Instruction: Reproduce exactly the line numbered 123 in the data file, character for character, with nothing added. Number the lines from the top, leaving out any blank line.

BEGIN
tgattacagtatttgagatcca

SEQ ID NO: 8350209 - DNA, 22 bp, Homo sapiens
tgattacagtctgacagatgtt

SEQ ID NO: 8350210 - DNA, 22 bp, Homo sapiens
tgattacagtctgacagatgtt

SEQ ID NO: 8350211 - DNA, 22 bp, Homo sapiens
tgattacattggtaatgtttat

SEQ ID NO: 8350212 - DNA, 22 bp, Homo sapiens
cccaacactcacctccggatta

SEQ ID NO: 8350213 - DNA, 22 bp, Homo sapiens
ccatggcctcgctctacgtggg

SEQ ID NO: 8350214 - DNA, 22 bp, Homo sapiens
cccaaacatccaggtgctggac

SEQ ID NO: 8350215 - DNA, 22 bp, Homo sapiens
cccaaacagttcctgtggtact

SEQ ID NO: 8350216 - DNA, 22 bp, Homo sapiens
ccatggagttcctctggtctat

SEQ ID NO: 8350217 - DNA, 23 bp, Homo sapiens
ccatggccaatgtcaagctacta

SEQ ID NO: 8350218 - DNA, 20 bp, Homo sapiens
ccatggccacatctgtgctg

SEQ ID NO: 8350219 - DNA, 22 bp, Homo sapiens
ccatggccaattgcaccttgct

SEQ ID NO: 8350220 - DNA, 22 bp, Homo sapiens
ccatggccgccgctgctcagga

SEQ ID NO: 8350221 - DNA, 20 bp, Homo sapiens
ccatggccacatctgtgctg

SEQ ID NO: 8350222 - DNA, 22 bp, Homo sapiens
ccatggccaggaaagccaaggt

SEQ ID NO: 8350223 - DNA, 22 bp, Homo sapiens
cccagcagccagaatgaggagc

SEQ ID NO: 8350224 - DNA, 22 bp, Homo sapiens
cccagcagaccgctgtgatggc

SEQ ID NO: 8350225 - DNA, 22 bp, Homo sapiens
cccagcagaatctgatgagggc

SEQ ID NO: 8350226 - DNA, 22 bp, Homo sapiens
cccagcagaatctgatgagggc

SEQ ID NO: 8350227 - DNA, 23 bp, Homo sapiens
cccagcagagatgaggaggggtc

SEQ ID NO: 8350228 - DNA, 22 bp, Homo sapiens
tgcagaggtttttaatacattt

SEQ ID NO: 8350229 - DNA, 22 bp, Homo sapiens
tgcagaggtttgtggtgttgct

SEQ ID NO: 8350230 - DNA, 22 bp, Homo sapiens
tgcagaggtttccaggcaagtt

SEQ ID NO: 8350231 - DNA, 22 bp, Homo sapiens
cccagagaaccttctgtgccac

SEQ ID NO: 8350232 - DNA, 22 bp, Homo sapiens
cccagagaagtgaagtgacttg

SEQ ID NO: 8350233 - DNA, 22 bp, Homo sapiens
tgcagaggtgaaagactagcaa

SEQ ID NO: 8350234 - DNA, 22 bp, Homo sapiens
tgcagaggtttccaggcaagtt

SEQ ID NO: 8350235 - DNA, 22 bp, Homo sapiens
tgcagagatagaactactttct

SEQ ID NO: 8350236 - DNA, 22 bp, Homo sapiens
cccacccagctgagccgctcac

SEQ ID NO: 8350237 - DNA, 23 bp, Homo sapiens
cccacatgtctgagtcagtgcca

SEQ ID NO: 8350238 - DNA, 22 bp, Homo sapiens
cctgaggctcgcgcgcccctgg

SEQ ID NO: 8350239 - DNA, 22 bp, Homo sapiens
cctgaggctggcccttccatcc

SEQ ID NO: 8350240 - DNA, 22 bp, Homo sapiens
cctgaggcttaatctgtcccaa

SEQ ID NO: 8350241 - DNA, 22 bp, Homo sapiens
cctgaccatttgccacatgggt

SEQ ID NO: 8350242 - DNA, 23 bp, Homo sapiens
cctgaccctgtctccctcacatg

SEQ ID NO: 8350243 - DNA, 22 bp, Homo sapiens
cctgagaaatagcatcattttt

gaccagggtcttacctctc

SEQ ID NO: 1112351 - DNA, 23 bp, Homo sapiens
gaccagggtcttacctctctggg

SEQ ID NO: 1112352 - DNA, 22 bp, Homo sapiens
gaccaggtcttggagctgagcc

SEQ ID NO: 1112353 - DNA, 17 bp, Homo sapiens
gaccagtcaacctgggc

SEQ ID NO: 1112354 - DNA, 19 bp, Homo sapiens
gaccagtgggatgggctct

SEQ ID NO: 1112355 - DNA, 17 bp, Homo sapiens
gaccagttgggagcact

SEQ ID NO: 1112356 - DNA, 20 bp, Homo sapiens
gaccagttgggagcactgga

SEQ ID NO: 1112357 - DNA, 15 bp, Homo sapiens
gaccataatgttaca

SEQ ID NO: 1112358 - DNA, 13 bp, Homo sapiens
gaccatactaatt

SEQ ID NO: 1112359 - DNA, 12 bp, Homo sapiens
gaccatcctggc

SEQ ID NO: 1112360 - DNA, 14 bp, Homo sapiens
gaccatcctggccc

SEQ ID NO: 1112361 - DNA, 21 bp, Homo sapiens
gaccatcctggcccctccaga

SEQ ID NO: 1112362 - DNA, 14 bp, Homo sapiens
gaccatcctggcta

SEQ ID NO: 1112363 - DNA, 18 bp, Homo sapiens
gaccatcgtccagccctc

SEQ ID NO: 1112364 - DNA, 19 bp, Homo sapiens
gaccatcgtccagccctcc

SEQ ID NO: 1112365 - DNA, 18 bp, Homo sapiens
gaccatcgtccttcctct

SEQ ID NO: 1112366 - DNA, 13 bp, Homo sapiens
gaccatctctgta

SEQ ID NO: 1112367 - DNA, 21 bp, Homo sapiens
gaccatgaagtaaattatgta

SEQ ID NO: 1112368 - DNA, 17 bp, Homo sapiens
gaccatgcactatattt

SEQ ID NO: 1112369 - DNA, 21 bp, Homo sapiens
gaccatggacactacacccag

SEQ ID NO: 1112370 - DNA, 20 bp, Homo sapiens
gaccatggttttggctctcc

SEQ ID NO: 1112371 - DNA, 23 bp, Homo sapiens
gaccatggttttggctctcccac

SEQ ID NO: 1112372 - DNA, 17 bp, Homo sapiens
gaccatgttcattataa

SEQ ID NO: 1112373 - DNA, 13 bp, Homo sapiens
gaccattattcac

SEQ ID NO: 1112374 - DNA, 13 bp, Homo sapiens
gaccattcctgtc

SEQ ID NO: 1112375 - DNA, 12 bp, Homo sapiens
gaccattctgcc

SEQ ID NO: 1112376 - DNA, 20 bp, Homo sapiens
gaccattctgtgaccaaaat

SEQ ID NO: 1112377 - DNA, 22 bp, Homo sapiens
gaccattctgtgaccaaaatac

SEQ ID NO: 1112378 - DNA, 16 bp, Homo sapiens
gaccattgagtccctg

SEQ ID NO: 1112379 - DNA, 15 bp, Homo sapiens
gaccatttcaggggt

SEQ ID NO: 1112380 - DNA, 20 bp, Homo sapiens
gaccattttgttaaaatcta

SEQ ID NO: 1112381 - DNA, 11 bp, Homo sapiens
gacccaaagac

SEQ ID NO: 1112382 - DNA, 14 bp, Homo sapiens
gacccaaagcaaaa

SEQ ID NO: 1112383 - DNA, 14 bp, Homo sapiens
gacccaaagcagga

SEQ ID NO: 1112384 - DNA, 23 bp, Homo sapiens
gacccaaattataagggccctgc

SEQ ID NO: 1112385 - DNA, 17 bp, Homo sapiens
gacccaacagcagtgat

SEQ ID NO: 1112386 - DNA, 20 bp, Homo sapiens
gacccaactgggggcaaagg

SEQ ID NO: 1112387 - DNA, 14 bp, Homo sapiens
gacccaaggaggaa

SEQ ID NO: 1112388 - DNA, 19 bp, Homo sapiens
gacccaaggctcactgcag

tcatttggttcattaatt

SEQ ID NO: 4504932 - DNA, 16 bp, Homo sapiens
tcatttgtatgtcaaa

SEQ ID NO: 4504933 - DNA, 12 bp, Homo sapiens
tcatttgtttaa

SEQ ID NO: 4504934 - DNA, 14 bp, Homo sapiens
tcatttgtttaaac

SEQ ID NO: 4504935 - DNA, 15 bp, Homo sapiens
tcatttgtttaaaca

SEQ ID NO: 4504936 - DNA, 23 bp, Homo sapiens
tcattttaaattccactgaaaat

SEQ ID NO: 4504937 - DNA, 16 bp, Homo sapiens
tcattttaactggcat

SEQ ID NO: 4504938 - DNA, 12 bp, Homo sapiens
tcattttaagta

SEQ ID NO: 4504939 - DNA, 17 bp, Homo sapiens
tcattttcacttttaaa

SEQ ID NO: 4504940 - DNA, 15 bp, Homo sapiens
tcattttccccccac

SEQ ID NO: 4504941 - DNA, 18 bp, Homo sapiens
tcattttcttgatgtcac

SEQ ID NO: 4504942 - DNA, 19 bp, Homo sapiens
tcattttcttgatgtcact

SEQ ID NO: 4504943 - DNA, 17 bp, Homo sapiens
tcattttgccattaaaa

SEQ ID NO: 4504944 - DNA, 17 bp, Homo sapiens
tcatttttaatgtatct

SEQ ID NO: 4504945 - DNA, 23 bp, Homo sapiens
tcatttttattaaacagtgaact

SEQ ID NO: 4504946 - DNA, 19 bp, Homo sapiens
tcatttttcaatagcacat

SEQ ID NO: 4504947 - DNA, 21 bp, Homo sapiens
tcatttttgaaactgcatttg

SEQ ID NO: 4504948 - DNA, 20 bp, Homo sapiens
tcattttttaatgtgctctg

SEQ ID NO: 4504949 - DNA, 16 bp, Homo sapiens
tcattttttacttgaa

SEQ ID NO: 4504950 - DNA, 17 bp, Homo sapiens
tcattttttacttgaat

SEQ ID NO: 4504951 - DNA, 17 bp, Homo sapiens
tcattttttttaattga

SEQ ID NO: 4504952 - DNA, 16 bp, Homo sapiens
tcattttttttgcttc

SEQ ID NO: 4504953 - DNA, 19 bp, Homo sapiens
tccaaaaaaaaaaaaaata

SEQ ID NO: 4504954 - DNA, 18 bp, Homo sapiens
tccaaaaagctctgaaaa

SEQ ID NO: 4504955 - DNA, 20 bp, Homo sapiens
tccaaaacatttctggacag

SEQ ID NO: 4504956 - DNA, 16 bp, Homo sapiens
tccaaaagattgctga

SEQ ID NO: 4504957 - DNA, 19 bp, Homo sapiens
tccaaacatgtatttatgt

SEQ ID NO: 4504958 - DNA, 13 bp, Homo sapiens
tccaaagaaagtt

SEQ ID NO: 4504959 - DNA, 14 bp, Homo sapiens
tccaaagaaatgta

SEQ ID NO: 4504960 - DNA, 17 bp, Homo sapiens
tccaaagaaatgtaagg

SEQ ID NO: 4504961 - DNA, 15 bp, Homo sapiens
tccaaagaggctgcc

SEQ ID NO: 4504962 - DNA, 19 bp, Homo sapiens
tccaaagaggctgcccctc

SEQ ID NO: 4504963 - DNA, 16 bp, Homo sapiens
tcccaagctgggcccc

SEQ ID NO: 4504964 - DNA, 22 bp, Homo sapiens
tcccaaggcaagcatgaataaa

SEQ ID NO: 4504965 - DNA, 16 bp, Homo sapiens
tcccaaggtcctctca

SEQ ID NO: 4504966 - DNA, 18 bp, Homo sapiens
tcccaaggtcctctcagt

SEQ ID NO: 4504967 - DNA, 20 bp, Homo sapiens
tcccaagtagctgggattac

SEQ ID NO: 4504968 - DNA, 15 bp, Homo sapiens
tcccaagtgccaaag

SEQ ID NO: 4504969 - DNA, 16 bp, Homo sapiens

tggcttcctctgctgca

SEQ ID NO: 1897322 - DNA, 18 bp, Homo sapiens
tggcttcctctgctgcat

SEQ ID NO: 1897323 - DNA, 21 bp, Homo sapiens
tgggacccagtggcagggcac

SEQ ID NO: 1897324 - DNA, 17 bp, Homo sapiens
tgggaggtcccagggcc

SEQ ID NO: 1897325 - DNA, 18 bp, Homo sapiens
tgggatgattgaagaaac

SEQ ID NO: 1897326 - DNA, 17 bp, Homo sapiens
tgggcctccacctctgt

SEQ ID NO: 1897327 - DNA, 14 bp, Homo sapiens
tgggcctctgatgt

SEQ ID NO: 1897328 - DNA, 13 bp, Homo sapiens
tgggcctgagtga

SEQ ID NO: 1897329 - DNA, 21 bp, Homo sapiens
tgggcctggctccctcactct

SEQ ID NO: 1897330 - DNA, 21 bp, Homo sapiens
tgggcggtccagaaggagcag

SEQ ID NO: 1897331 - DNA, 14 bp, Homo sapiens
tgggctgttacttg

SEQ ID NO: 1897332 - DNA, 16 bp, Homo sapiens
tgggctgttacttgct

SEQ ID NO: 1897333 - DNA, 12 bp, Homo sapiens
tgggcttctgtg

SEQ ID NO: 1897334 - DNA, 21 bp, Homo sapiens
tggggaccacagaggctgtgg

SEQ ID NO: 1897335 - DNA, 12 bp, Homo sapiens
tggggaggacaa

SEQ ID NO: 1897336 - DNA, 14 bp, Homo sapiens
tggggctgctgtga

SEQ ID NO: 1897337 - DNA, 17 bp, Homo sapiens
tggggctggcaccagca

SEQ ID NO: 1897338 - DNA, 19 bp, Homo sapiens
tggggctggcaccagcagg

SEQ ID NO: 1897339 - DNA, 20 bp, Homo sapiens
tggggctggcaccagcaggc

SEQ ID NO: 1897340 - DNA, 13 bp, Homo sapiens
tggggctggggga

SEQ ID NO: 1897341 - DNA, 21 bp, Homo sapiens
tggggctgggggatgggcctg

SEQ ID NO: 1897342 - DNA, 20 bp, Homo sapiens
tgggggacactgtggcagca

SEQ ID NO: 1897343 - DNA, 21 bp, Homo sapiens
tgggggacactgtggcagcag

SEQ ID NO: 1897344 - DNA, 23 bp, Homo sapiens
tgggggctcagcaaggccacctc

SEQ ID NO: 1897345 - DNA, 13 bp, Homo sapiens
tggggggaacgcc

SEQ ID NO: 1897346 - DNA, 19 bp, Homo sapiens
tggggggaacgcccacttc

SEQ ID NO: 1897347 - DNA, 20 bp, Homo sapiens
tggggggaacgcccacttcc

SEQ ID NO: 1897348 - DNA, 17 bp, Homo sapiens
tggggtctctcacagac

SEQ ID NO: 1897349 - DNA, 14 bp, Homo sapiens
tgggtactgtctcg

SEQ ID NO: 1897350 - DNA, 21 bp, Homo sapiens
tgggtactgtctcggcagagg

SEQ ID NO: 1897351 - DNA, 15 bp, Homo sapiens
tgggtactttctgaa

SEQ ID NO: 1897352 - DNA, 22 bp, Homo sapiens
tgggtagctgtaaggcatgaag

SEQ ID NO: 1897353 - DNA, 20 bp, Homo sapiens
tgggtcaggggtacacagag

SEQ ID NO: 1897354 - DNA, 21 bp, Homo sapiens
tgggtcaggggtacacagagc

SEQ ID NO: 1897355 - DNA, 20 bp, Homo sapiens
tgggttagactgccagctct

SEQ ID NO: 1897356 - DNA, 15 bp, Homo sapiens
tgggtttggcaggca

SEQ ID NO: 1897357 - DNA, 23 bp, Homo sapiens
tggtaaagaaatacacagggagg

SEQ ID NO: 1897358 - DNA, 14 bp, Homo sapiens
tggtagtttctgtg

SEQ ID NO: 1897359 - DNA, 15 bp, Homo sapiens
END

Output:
SEQ ID NO: 1112376 - DNA, 20 bp, Homo sapiens